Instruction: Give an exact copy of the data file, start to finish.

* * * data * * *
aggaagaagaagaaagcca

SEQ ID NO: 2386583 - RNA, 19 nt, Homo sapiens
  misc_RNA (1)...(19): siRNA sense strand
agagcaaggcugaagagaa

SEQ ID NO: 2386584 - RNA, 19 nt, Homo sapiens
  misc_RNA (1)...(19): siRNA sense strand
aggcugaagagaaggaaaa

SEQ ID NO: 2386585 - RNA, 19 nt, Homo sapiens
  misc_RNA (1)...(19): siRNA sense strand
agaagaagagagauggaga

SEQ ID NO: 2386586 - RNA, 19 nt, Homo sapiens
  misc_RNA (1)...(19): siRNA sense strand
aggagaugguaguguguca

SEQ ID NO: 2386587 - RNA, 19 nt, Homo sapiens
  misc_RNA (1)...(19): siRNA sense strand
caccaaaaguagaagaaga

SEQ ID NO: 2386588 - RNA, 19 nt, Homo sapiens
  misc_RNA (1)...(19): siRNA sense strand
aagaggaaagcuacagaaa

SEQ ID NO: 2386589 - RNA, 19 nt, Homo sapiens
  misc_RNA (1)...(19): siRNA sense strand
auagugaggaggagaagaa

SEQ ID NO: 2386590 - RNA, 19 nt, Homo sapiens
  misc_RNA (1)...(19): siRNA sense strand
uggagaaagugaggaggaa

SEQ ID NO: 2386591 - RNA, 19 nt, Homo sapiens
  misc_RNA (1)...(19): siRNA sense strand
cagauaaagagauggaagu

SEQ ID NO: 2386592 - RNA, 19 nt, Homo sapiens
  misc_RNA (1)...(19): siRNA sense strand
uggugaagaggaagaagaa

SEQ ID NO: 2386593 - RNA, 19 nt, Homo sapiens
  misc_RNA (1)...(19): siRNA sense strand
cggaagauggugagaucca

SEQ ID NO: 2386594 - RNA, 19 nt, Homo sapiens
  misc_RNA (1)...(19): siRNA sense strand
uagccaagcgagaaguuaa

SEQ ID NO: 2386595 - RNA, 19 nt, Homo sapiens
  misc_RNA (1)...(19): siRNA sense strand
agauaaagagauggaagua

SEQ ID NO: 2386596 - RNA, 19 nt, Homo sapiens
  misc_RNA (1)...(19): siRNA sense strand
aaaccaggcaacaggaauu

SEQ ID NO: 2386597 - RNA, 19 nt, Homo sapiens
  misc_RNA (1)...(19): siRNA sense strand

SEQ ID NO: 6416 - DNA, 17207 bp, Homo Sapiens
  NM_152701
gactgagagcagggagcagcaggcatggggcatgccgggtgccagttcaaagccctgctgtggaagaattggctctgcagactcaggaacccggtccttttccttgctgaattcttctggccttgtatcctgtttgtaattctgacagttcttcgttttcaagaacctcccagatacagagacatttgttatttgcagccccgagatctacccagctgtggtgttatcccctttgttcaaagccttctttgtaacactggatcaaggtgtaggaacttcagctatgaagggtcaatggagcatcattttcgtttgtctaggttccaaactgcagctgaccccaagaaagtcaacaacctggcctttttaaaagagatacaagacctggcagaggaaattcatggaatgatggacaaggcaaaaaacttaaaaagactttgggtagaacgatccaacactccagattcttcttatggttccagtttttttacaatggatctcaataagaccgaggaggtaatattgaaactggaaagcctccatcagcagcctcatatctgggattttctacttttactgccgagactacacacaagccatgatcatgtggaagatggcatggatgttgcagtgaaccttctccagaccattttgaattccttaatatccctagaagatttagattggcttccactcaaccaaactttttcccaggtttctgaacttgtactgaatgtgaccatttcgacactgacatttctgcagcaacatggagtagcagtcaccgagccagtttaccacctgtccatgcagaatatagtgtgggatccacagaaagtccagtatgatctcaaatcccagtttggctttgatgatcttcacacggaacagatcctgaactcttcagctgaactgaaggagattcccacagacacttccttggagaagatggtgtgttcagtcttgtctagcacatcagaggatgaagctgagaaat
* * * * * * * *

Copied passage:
aggaagaagaagaaagcca

SEQ ID NO: 2386583 - RNA, 19 nt, Homo sapiens
  misc_RNA (1)...(19): siRNA sense strand
agagcaaggcugaagagaa

SEQ ID NO: 2386584 - RNA, 19 nt, Homo sapiens
  misc_RNA (1)...(19): siRNA sense strand
aggcugaagagaaggaaaa

SEQ ID NO: 2386585 - RNA, 19 nt, Homo sapiens
  misc_RNA (1)...(19): siRNA sense strand
agaagaagagagauggaga

SEQ ID NO: 2386586 - RNA, 19 nt, Homo sapiens
  misc_RNA (1)...(19): siRNA sense strand
aggagaugguaguguguca

SEQ ID NO: 2386587 - RNA, 19 nt, Homo sapiens
  misc_RNA (1)...(19): siRNA sense strand
caccaaaaguagaagaaga

SEQ ID NO: 2386588 - RNA, 19 nt, Homo sapiens
  misc_RNA (1)...(19): siRNA sense strand
aagaggaaagcuacagaaa

SEQ ID NO: 2386589 - RNA, 19 nt, Homo sapiens
  misc_RNA (1)...(19): siRNA sense strand
auagugaggaggagaagaa

SEQ ID NO: 2386590 - RNA, 19 nt, Homo sapiens
  misc_RNA (1)...(19): siRNA sense strand
uggagaaagugaggaggaa

SEQ ID NO: 2386591 - RNA, 19 nt, Homo sapiens
  misc_RNA (1)...(19): siRNA sense strand
cagauaaagagauggaagu

SEQ ID NO: 2386592 - RNA, 19 nt, Homo sapiens
  misc_RNA (1)...(19): siRNA sense strand
uggugaagaggaagaagaa

SEQ ID NO: 2386593 - RNA, 19 nt, Homo sapiens
  misc_RNA (1)...(19): siRNA sense strand
cggaagauggugagaucca

SEQ ID NO: 2386594 - RNA, 19 nt, Homo sapiens
  misc_RNA (1)...(19): siRNA sense strand
uagccaagcgagaaguuaa

SEQ ID NO: 2386595 - RNA, 19 nt, Homo sapiens
  misc_RNA (1)...(19): siRNA sense strand
agauaaagagauggaagua

SEQ ID NO: 2386596 - RNA, 19 nt, Homo sapiens
  misc_RNA (1)...(19): siRNA sense strand
aaaccaggcaacaggaauu

SEQ ID NO: 2386597 - RNA, 19 nt, Homo sapiens
  misc_RNA (1)...(19): siRNA sense strand

SEQ ID NO: 6416 - DNA, 17207 bp, Homo Sapiens
  NM_152701
gactgagagcagggagcagcaggcatggggcatgccgggtgccagttcaaagccctgctgtggaagaattggctctgcagactcaggaacccggtccttttccttgctgaattcttctggccttgtatcctgtttgtaattctgacagttcttcgttttcaagaacctcccagatacagagacatttgttatttgcagccccgagatctacccagctgtggtgttatcccctttgttcaaagccttctttgtaacactggatcaaggtgtaggaacttcagctatgaagggtcaatggagcatcattttcgtttgtctaggttccaaactgcagctgaccccaagaaagtcaacaacctggcctttttaaaagagatacaagacctggcagaggaaattcatggaatgatggacaaggcaaaaaacttaaaaagactttgggtagaacgatccaacactccagattcttcttatggttccagtttttttacaatggatctcaataagaccgaggaggtaatattgaaactggaaagcctccatcagcagcctcatatctgggattttctacttttactgccgagactacacacaagccatgatcatgtggaagatggcatggatgttgcagtgaaccttctccagaccattttgaattccttaatatccctagaagatttagattggcttccactcaaccaaactttttcccaggtttctgaacttgtactgaatgtgaccatttcgacactgacatttctgcagcaacatggagtagcagtcaccgagccagtttaccacctgtccatgcagaatatagtgtgggatccacagaaagtccagtatgatctcaaatcccagtttggctttgatgatcttcacacggaacagatcctgaactcttcagctgaactgaaggagattcccacagacacttccttggagaagatggtgtgttcagtcttgtctagcacatcagaggatgaagctgagaaat